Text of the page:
The government, through the Ministry of Energy and Power Development, has said that it is planning to reduce the tariffs for electricity. The government wants Zimbabwe’s manufacturing and mining sector to be competitive and is considering lowering the tariffs so that they become the cheapest in the region. Currently, electricity tariffs stand at 9.86 c/kWh for domestic and 12.8 c/kWh for industry which is substantially higher than the regional average of 7.5c/kWh.
Speaking to Business Weekly, Energy and Power Development Minister Simon Khaya Moyo said:
We are engaging some key economic and energy stakeholders to review electricity prices downwards as part of efforts to make our country and economy competitive.
Our cost of production has been very high over the years, but now it’s time to review electricity downwards to match regional standards to an average of around 7.50c/kWh.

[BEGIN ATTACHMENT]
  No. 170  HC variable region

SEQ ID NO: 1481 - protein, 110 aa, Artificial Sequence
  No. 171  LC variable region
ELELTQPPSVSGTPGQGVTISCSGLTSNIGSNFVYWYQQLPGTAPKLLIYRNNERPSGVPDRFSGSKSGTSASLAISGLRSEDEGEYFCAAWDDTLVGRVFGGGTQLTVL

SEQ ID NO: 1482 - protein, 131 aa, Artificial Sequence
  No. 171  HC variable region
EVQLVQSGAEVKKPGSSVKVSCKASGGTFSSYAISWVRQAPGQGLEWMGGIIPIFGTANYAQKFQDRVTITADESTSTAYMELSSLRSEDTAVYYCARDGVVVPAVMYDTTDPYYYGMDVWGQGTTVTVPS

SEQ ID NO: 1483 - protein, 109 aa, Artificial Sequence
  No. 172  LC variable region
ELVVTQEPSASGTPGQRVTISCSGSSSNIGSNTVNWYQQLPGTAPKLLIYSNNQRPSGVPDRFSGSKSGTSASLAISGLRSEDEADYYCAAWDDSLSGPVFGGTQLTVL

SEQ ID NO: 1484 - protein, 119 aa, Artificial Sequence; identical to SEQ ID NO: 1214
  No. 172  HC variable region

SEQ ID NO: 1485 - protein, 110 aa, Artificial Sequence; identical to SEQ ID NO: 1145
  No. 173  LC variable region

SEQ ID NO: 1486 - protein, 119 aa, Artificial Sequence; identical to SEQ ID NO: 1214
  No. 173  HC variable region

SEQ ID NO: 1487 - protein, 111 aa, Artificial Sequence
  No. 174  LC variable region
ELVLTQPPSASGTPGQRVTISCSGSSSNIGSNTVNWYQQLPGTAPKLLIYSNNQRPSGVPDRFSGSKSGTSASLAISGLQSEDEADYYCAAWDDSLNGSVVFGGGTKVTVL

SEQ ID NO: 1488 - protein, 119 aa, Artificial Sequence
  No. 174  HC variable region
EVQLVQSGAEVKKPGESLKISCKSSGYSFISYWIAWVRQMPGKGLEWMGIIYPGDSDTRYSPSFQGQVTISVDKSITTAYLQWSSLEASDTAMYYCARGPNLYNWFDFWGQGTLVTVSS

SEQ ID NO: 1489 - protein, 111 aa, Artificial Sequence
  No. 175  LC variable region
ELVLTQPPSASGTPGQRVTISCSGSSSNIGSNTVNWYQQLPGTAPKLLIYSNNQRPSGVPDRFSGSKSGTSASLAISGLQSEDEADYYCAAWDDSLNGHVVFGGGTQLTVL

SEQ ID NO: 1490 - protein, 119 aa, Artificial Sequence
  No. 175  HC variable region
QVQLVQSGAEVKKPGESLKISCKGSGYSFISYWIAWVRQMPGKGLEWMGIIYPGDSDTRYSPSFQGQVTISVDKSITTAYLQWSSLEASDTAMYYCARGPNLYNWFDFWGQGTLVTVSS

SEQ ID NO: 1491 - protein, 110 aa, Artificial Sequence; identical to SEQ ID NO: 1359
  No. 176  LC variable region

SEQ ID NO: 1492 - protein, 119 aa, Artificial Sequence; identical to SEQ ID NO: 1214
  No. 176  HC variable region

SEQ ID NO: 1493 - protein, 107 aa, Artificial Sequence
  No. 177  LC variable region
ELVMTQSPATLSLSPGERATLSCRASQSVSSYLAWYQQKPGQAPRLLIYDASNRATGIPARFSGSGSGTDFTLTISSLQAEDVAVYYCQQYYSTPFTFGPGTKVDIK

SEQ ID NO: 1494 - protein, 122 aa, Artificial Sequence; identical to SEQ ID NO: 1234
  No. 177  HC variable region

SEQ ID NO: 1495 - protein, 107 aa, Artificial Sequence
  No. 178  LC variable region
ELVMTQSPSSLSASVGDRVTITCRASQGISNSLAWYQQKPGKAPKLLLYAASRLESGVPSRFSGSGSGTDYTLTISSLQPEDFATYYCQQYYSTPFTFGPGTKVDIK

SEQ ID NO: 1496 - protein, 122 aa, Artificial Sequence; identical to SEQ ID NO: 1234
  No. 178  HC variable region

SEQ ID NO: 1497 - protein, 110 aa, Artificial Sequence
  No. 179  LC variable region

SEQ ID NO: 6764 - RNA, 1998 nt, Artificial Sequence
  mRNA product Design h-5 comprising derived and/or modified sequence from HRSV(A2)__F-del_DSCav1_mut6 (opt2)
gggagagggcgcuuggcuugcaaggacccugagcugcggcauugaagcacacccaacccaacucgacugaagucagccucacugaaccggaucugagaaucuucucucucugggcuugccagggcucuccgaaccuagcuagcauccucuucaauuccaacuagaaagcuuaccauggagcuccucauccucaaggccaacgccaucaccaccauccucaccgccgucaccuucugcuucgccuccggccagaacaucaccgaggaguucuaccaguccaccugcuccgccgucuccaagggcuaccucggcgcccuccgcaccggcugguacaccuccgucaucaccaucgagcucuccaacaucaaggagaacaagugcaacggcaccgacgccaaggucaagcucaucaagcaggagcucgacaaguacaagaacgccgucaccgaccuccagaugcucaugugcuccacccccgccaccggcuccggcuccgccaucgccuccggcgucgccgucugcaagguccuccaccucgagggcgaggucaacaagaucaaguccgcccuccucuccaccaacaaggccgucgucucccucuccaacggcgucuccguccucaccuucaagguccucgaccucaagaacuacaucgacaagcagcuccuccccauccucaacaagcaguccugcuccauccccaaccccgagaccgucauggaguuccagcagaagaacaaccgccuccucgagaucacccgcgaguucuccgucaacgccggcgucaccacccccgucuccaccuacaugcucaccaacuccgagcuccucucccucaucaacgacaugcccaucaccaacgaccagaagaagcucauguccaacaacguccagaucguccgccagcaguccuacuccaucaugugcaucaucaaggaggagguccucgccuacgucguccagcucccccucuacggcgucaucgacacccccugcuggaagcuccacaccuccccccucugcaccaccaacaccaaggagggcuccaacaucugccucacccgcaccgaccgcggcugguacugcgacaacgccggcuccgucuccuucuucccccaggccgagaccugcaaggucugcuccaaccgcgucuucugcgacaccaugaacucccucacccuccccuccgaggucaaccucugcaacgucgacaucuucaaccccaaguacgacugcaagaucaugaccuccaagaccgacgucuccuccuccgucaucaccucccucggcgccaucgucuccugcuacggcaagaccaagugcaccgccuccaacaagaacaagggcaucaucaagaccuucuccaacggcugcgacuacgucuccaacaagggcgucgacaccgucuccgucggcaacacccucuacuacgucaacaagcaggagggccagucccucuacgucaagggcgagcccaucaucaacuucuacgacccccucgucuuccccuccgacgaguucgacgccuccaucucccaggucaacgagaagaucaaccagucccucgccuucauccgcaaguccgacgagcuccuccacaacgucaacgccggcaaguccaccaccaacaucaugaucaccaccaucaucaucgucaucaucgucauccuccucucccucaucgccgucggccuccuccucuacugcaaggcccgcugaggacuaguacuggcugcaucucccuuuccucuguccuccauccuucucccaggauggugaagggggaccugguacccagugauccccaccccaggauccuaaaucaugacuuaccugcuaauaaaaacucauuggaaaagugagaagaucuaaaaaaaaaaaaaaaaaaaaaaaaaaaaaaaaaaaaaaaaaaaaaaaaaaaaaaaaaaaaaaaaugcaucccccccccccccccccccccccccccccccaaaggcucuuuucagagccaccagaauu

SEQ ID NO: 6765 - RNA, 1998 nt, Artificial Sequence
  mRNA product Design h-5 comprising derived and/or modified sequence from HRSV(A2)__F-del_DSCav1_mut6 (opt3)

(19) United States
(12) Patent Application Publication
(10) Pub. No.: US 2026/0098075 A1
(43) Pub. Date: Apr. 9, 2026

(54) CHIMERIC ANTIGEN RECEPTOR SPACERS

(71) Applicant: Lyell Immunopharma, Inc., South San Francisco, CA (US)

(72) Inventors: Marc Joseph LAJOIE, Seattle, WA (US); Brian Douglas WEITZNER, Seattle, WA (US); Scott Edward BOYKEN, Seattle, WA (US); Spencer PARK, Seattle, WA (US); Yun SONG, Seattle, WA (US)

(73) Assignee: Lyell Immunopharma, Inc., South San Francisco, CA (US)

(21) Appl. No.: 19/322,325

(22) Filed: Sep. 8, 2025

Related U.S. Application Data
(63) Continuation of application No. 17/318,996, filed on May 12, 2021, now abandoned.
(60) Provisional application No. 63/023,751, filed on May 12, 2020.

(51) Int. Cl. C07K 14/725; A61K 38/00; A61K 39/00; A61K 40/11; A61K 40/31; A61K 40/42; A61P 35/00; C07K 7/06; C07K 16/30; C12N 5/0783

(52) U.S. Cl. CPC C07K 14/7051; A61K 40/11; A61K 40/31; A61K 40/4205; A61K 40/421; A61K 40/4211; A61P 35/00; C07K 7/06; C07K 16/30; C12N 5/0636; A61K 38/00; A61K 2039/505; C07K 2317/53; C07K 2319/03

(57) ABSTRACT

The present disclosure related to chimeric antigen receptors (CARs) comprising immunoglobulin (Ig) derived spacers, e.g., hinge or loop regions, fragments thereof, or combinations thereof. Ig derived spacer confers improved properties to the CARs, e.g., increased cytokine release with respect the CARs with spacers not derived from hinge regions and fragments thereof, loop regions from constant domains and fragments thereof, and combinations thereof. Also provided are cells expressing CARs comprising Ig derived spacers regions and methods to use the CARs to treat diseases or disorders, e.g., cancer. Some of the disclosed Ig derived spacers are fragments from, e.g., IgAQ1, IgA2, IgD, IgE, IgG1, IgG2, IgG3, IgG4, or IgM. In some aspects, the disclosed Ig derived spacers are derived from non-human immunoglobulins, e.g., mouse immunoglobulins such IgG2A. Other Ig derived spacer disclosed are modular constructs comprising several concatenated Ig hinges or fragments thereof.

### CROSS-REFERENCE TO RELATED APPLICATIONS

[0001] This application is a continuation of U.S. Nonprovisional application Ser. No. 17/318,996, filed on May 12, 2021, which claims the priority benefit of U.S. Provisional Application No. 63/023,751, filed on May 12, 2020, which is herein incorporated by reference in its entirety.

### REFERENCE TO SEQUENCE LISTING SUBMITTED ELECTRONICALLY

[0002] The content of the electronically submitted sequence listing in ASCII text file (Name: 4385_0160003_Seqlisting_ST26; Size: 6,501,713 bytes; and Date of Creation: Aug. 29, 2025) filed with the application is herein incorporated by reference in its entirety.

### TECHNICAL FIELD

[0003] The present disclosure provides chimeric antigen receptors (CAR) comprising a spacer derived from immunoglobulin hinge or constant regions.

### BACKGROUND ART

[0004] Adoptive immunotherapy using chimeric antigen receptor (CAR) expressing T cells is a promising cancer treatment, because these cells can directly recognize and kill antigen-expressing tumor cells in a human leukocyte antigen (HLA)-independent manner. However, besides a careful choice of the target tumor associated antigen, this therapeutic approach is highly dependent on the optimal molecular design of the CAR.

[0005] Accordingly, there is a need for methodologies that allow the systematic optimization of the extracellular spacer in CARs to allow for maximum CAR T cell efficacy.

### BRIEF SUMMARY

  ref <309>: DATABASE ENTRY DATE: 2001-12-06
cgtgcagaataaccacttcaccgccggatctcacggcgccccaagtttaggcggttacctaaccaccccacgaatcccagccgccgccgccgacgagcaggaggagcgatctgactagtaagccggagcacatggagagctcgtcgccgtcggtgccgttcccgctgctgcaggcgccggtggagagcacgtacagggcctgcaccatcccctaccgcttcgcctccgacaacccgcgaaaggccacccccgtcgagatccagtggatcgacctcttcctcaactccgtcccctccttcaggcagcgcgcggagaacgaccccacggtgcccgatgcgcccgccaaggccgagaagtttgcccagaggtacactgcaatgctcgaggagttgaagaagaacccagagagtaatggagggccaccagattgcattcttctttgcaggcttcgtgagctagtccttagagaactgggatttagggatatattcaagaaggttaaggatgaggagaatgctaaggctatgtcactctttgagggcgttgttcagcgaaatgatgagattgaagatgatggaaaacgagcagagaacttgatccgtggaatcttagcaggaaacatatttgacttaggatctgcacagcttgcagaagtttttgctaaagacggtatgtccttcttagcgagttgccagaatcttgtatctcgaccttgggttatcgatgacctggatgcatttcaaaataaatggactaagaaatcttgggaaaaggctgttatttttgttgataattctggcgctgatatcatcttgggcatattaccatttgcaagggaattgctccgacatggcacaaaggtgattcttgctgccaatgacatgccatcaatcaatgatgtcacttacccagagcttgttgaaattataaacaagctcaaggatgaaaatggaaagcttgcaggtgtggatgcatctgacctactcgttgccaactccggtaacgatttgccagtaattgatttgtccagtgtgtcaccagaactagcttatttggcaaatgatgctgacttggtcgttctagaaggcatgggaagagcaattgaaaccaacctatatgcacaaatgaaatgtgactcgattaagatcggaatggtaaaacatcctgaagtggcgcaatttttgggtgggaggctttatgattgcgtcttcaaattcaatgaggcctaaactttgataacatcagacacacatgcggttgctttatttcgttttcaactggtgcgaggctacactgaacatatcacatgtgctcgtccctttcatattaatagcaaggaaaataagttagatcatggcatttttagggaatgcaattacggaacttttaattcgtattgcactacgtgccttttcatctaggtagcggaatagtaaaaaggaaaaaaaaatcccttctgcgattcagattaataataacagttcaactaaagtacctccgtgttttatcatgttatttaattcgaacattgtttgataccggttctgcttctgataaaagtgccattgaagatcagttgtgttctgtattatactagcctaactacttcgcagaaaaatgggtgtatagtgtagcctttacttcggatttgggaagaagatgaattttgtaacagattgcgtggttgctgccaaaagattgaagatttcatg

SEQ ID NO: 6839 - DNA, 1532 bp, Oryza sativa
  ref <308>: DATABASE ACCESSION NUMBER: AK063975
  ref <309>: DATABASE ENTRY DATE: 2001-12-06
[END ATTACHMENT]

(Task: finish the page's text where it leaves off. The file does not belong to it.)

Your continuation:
Just like we did in the fuel sector, we want to remove all impediments to make our electricity affordable to every sector.
Given the lack of investment and lines of credit in the sector our electricity was bound to be expensive but due to the appetite for investment in the electricity sector shown at Davos, we will see ourselves reducing electricity tariffs lower than our regional counterparts.
We will certainly push for the tariffs to around 7.50c/kWh to improve all sectors of the economy.
However, struggling power company Zesa Holdings is unlikely to welcome this development as it has written to the government on a number of occasions seeking permission to increase the tariffs. In June the Zimbabwe Energy Regulatory Authority (Zera) blocked Zesa from increasing its tariffs by almost 50 percent from 9,86c kWh to 14,64c kWh.
More: Business Weekly